Google faces a proposed class action over its alleged use of tracking tools on healthcare provider websites—including PlannedParenthood.org—and apps to secretly collect consumers’ sensitive health and personal information.
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The 30-page lawsuit claims the tech giant’s tracking technology, which includes Google Analytics, software development kits, tracking pixels and cookies, has, unbeknownst to consumers, been incorporated on “the vast majority” of healthcare provider websites via a small piece of back-end code.
These tools intercept consumers’ interactions as they navigate each webpage, providing Google with a “treasure trove” of private data about medical conditions, treatments, appointments and personally identifiable information, the case alleges.
Google uses this data to improve its ad-targeting capabilities and provide marketing and analytics services, helping the company earn hundreds of billions of dollars in advertising revenue each year, the complaint contends.
The pseudonymous plaintiff, a California resident who the suit says searched for an abortion appointment on PlannedParenthood.org in 2018, contests that she reasonably expected that her interactions with the website would be confidential. However, the case relays that an investigation by Lockdown Privacy revealed that Google’s tracking technology intercepts the following information when consumers visit Planned Parenthood’s website:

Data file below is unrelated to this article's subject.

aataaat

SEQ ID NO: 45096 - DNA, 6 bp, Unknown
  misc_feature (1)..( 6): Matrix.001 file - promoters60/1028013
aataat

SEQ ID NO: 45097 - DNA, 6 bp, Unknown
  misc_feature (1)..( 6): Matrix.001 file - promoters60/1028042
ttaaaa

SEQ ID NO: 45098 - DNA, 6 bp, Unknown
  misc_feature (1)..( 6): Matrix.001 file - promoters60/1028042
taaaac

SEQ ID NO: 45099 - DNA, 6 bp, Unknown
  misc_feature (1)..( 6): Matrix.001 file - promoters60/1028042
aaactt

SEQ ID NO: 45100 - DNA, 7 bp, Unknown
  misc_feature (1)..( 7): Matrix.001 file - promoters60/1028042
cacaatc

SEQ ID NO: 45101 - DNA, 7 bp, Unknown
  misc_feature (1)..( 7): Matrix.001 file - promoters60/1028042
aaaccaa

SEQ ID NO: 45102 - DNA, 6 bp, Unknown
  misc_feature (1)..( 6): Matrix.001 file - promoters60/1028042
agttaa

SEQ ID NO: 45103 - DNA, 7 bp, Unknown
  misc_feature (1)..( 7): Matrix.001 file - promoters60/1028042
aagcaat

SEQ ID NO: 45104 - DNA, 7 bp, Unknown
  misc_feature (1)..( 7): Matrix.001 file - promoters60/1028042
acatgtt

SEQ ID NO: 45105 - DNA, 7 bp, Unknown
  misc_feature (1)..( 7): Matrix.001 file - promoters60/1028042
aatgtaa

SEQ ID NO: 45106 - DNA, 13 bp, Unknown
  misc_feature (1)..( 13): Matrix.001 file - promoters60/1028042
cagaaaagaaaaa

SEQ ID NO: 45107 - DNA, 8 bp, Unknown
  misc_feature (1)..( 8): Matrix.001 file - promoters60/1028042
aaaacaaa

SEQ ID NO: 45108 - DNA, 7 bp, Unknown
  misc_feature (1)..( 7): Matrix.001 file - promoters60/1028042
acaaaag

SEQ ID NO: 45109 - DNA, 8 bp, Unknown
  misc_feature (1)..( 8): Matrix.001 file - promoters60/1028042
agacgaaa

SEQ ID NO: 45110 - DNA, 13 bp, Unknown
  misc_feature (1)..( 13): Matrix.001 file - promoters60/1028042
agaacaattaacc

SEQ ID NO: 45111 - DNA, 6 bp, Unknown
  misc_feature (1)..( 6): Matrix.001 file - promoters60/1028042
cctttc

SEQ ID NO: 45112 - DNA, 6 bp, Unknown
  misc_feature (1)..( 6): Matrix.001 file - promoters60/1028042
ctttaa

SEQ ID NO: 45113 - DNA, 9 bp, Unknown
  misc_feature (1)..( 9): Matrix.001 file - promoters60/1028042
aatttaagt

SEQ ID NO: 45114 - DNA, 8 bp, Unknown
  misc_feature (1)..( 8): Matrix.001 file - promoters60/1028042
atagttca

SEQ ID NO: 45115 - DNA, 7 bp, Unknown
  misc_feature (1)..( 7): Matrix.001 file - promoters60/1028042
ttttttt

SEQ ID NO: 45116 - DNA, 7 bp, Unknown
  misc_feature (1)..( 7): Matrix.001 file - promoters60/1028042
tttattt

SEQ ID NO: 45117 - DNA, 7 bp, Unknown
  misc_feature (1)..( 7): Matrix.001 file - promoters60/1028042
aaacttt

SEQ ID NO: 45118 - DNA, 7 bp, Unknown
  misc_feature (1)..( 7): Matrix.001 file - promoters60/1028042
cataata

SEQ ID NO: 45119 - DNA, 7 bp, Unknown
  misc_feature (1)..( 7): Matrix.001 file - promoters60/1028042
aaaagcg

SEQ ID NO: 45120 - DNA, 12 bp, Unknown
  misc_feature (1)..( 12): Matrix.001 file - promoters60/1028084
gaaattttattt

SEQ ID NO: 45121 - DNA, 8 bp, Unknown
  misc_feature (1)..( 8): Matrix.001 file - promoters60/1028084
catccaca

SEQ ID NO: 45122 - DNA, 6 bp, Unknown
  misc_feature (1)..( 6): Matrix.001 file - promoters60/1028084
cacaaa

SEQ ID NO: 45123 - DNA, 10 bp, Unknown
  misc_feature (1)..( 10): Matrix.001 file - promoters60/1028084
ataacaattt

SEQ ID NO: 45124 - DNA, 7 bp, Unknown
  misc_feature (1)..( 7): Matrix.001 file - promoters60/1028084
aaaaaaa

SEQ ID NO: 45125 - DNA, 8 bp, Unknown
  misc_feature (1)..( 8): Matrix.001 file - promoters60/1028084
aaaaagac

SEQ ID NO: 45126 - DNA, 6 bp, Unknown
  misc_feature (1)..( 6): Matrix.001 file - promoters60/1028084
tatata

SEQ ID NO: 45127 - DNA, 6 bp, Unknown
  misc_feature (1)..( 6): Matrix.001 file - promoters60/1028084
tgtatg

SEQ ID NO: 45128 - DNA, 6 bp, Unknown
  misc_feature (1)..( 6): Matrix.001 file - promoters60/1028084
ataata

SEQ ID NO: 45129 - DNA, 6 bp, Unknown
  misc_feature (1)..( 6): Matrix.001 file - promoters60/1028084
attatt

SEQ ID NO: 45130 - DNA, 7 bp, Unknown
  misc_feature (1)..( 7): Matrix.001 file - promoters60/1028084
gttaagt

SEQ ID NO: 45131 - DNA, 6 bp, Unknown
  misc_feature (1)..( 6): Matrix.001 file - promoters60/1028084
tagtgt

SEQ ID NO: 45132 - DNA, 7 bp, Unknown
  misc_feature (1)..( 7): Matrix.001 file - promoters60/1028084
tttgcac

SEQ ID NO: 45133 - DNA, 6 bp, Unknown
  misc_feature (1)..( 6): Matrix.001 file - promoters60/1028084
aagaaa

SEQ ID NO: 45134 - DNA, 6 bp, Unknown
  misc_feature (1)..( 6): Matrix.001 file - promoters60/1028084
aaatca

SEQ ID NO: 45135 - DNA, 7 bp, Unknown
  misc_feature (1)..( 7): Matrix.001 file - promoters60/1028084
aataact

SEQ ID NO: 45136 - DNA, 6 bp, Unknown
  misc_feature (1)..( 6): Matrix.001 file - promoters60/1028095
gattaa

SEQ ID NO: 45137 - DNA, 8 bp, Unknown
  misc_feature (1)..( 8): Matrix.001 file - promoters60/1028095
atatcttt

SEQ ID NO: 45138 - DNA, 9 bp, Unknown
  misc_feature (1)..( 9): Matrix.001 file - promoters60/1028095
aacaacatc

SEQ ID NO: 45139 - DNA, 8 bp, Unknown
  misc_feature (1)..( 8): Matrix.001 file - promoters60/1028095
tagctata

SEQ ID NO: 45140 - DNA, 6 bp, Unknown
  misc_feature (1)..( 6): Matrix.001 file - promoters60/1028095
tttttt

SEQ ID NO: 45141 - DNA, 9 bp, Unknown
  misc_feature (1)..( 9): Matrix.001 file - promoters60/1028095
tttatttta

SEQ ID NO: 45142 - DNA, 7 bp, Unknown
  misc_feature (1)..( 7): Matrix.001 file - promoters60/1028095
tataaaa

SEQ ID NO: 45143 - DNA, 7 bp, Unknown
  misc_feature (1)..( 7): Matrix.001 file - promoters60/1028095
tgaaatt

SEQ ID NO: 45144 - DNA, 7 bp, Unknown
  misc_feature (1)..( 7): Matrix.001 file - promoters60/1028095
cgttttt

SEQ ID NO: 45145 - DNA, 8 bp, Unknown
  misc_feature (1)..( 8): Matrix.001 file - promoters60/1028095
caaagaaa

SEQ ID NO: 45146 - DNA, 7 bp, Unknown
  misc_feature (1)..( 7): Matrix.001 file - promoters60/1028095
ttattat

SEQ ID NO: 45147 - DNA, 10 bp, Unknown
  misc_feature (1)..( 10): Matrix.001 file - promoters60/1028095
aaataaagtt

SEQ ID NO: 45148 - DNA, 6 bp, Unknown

“[T]he user’s IP address, the site visited, behavior on the site, reason for visiting the site (e.g., ‘abortion’), the user’s selected method of abortion (e.g., surgical abortion/in-clinic), the browser time zone, the name of the Planned Parenthood Health Center for the appointment, the user’s approximate zip code, the user’s closest Planned Parenthood affiliate based on their zip code, a time stamp, whether the user came from a search engine, a link, or typed the URL directly, the user’s Client ID, and the browser language.”
According to the suit, Google’s tracking tools are incorporated on the websites of other major hospitals and medical centers, including Keck Medicine of USC, MemorialCare: Long Beach Medical Center and Sharp HealthCare.
“Google’s unlawful interception of Plaintiff’s and Class members’ communications with healthcare provider websites constitutes an extreme invasion of privacy and violates federal and state statutory and common law,” the filing says.
The lawsuit looks to cover anyone in the United States and its territories whose health information or other sensitive data was intercepted by, or disclosed to, Google through the company’s tracking technology on health-based apps or websites.
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